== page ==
Baba Ganoush with Pink Peppercorns

I didn’t intend to be absent from the blog for so long, I had planned for a mere three weeks break but it turned out to be an ongoing journey of self- (re)discovery, and somehow I didn’t want it to stop. During the break, I returned to my drawing board, literally, and my sketch book, doing sketches of all kinds; things that surround me, people who passing by, or even just ideas in my head. And I realised that I have forgotten how much I enjoyed drawing when I was growing up. I also spent a lot of the time reading novels and writing short stories, and I met some amazing people through a fiction writing class. I hope I can share some of the stories with you soon. I haven’t stopped cooking though, as you know if you are following my Instagram account, and can’t wait to share the recipes that I have created during the break. All in all, it has been a relax and inspiring time for me and I am glad that I had made this decision. …

Roasted za'atar carrot with goat cheese, pistachio and promagranate dressing recipe

Roasted Za’atar and Sumac Carrots Salad

These carrots are roasted to perfection, flavoured with za’atar and sumac; a combined taste of tangy sweet and yet earthy and savory. Za’atar is a spice blend that originates in Middle East countries, such as Lebanon, Israel, Jordon, Palestine and Saudi Arabia; and also popular in some north African countries such as Morocco and Tunisia. Every country has their own blend of spices. The one I have (and I use here) is from Israel, it is a blend of dried oregano, white sesame, thyme, sumac, dill and salt, it has an intense earthy flavour with a hint of licorice note. It gives a wonderful taste to almost anything, I love to sprinkle it on egg of all kinds, or rub the spice on chicken and lamb then put straight onto the grill; scatter it on homemade hummus and baked pitta bread, to say the few examples. The other spice I use here is called Sumac, it is also native to the Middle East; a red coarse powder made from ground sumac berries. It has a floral …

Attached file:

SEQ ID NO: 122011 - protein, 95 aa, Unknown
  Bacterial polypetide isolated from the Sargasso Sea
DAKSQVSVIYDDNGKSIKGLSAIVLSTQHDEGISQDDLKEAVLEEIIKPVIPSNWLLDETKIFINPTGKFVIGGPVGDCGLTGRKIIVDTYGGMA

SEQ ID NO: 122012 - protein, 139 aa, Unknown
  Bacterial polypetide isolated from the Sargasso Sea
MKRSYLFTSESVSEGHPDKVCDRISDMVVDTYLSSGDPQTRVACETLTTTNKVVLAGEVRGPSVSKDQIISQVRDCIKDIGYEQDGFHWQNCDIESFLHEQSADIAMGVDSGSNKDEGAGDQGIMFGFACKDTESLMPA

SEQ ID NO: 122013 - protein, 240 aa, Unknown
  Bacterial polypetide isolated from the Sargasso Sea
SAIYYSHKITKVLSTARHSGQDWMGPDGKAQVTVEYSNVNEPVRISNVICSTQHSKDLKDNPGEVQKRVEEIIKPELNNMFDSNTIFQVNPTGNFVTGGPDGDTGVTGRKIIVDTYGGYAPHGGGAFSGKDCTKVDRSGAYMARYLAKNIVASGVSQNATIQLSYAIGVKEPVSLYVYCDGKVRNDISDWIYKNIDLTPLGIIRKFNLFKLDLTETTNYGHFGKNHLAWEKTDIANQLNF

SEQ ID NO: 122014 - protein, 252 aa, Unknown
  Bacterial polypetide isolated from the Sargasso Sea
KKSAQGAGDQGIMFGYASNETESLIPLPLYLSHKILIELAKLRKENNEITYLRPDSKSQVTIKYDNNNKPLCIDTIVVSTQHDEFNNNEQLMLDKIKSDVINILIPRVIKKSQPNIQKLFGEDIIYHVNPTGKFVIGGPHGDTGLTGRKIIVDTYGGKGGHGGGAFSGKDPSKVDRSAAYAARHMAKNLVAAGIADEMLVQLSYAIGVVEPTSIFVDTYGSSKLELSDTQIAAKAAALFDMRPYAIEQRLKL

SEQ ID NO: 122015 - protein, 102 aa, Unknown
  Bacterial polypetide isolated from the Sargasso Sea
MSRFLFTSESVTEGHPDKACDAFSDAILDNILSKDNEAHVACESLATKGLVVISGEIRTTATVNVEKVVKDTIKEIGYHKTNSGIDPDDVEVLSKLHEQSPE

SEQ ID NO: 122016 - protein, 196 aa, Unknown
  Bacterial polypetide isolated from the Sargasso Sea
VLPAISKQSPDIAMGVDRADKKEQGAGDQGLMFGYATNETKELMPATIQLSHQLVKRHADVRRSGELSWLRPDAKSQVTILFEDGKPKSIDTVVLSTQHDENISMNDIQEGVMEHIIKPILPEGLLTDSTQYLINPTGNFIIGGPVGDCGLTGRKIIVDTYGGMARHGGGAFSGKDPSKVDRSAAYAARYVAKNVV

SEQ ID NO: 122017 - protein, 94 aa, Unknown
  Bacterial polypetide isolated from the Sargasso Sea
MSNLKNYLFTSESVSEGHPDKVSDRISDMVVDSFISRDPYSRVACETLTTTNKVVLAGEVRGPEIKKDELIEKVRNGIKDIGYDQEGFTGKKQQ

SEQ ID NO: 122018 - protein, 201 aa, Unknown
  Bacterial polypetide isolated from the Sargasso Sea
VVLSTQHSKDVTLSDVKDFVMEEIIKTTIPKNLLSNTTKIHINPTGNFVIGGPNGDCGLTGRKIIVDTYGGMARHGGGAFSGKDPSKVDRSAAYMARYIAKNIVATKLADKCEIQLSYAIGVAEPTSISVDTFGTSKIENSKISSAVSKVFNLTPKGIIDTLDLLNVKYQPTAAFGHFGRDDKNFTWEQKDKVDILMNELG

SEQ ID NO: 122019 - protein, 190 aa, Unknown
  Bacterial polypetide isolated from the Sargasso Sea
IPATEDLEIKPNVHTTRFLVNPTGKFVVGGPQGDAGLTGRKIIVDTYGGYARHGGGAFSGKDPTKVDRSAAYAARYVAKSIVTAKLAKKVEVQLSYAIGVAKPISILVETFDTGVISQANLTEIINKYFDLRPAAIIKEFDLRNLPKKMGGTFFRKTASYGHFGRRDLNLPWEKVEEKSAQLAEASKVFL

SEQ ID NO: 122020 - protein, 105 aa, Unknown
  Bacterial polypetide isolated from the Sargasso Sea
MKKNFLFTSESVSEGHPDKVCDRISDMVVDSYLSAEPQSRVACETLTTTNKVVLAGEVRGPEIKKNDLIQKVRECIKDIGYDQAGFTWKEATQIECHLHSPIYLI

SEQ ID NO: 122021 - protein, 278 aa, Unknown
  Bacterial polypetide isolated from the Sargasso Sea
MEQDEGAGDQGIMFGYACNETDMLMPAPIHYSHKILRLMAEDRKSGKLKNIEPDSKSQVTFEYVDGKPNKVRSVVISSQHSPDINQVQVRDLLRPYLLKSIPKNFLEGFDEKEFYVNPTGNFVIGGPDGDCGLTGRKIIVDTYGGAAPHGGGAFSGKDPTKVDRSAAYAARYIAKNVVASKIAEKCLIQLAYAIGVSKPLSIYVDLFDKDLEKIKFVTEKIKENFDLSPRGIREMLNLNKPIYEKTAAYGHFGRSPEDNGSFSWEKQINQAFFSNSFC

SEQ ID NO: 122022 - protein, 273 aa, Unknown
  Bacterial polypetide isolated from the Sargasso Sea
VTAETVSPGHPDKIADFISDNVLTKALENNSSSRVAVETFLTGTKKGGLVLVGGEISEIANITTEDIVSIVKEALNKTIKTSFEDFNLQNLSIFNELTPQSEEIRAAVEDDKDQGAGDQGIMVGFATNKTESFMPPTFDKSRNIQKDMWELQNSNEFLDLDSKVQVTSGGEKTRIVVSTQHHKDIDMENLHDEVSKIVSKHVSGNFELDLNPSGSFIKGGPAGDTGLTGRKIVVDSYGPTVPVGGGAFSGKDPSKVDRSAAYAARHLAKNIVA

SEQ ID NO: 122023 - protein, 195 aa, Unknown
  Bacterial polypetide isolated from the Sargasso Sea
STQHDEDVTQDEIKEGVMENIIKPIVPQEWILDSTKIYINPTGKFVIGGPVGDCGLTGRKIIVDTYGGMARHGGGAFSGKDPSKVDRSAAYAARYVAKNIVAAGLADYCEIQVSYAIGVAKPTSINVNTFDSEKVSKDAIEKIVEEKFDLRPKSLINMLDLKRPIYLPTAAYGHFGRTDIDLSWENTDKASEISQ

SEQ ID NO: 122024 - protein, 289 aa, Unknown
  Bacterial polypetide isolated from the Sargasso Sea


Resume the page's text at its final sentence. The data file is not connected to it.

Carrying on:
Wakame Salad with Toasted Sesame Dressing recipe

Wakame Avocado Salad with Toasted Sesame Dressing